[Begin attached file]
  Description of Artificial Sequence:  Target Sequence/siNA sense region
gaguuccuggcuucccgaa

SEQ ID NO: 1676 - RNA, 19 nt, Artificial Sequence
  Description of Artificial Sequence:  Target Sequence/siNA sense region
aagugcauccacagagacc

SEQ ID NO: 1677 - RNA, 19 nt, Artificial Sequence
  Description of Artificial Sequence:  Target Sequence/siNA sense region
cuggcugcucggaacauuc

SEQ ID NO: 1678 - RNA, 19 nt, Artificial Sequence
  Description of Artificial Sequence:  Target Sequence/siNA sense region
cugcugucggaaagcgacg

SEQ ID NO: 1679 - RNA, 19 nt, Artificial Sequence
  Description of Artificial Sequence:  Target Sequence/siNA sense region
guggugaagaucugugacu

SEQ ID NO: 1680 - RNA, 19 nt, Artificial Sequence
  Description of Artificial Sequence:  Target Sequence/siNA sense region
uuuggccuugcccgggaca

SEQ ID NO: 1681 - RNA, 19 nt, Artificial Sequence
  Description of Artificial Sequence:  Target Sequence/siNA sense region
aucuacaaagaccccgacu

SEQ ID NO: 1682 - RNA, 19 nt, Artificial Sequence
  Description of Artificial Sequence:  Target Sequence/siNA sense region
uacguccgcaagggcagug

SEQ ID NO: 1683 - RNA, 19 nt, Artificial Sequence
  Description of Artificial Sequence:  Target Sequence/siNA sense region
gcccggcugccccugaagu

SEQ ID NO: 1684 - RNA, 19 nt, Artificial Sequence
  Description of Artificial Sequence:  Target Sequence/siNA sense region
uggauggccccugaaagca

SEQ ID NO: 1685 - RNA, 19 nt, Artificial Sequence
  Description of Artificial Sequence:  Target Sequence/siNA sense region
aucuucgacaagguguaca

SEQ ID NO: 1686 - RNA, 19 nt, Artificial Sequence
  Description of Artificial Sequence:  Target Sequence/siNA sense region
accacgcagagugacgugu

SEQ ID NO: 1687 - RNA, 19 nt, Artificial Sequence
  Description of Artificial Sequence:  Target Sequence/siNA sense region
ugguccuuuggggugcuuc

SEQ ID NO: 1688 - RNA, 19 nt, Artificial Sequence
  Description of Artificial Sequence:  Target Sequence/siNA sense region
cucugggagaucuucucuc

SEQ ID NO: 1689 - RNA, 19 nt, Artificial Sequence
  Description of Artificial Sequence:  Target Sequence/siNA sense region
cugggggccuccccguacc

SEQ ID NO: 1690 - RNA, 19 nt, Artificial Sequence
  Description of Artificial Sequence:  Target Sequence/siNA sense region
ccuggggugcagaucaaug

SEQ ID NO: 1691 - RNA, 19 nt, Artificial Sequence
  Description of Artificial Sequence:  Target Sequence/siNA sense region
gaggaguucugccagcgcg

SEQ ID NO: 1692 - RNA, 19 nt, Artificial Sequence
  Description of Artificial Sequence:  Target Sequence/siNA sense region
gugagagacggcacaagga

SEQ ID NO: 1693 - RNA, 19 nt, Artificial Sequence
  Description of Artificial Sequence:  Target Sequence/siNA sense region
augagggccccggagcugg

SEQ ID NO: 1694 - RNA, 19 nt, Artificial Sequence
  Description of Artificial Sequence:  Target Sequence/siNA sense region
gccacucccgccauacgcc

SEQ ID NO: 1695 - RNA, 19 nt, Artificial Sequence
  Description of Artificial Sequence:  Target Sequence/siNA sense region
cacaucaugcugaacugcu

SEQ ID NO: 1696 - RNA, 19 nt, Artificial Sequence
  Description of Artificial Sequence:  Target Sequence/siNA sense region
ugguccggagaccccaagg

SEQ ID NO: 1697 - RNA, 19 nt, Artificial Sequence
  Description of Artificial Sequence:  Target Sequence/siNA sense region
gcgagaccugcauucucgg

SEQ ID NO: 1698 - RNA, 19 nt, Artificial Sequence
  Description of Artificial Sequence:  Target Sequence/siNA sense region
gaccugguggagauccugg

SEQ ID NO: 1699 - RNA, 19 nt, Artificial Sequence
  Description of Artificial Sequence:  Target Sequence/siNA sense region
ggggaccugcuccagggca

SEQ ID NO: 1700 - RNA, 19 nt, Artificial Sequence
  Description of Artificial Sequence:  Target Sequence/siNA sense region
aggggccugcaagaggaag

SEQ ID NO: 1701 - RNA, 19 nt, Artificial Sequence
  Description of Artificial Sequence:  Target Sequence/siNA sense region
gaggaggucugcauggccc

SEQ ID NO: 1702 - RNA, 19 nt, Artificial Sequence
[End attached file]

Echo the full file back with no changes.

  Description of Artificial Sequence:  Target Sequence/siNA sense region
gaguuccuggcuucccgaa

SEQ ID NO: 1676 - RNA, 19 nt, Artificial Sequence
  Description of Artificial Sequence:  Target Sequence/siNA sense region
aagugcauccacagagacc

SEQ ID NO: 1677 - RNA, 19 nt, Artificial Sequence
  Description of Artificial Sequence:  Target Sequence/siNA sense region
cuggcugcucggaacauuc

SEQ ID NO: 1678 - RNA, 19 nt, Artificial Sequence
  Description of Artificial Sequence:  Target Sequence/siNA sense region
cugcugucggaaagcgacg

SEQ ID NO: 1679 - RNA, 19 nt, Artificial Sequence
  Description of Artificial Sequence:  Target Sequence/siNA sense region
guggugaagaucugugacu

SEQ ID NO: 1680 - RNA, 19 nt, Artificial Sequence
  Description of Artificial Sequence:  Target Sequence/siNA sense region
uuuggccuugcccgggaca

SEQ ID NO: 1681 - RNA, 19 nt, Artificial Sequence
  Description of Artificial Sequence:  Target Sequence/siNA sense region
aucuacaaagaccccgacu

SEQ ID NO: 1682 - RNA, 19 nt, Artificial Sequence
  Description of Artificial Sequence:  Target Sequence/siNA sense region
uacguccgcaagggcagug

SEQ ID NO: 1683 - RNA, 19 nt, Artificial Sequence
  Description of Artificial Sequence:  Target Sequence/siNA sense region
gcccggcugccccugaagu

SEQ ID NO: 1684 - RNA, 19 nt, Artificial Sequence
  Description of Artificial Sequence:  Target Sequence/siNA sense region
uggauggccccugaaagca

SEQ ID NO: 1685 - RNA, 19 nt, Artificial Sequence
  Description of Artificial Sequence:  Target Sequence/siNA sense region
aucuucgacaagguguaca

SEQ ID NO: 1686 - RNA, 19 nt, Artificial Sequence
  Description of Artificial Sequence:  Target Sequence/siNA sense region
accacgcagagugacgugu

SEQ ID NO: 1687 - RNA, 19 nt, Artificial Sequence
  Description of Artificial Sequence:  Target Sequence/siNA sense region
ugguccuuuggggugcuuc

SEQ ID NO: 1688 - RNA, 19 nt, Artificial Sequence
  Description of Artificial Sequence:  Target Sequence/siNA sense region
cucugggagaucuucucuc

SEQ ID NO: 1689 - RNA, 19 nt, Artificial Sequence
  Description of Artificial Sequence:  Target Sequence/siNA sense region
cugggggccuccccguacc

SEQ ID NO: 1690 - RNA, 19 nt, Artificial Sequence
  Description of Artificial Sequence:  Target Sequence/siNA sense region
ccuggggugcagaucaaug

SEQ ID NO: 1691 - RNA, 19 nt, Artificial Sequence
  Description of Artificial Sequence:  Target Sequence/siNA sense region
gaggaguucugccagcgcg

SEQ ID NO: 1692 - RNA, 19 nt, Artificial Sequence
  Description of Artificial Sequence:  Target Sequence/siNA sense region
gugagagacggcacaagga

SEQ ID NO: 1693 - RNA, 19 nt, Artificial Sequence
  Description of Artificial Sequence:  Target Sequence/siNA sense region
augagggccccggagcugg

SEQ ID NO: 1694 - RNA, 19 nt, Artificial Sequence
  Description of Artificial Sequence:  Target Sequence/siNA sense region
gccacucccgccauacgcc

SEQ ID NO: 1695 - RNA, 19 nt, Artificial Sequence
  Description of Artificial Sequence:  Target Sequence/siNA sense region
cacaucaugcugaacugcu

SEQ ID NO: 1696 - RNA, 19 nt, Artificial Sequence
  Description of Artificial Sequence:  Target Sequence/siNA sense region
ugguccggagaccccaagg

SEQ ID NO: 1697 - RNA, 19 nt, Artificial Sequence
  Description of Artificial Sequence:  Target Sequence/siNA sense region
gcgagaccugcauucucgg

SEQ ID NO: 1698 - RNA, 19 nt, Artificial Sequence
  Description of Artificial Sequence:  Target Sequence/siNA sense region
gaccugguggagauccugg

SEQ ID NO: 1699 - RNA, 19 nt, Artificial Sequence
  Description of Artificial Sequence:  Target Sequence/siNA sense region
ggggaccugcuccagggca

SEQ ID NO: 1700 - RNA, 19 nt, Artificial Sequence
  Description of Artificial Sequence:  Target Sequence/siNA sense region
aggggccugcaagaggaag

SEQ ID NO: 1701 - RNA, 19 nt, Artificial Sequence
  Description of Artificial Sequence:  Target Sequence/siNA sense region
gaggaggucugcauggccc

SEQ ID NO: 1702 - RNA, 19 nt, Artificial Sequence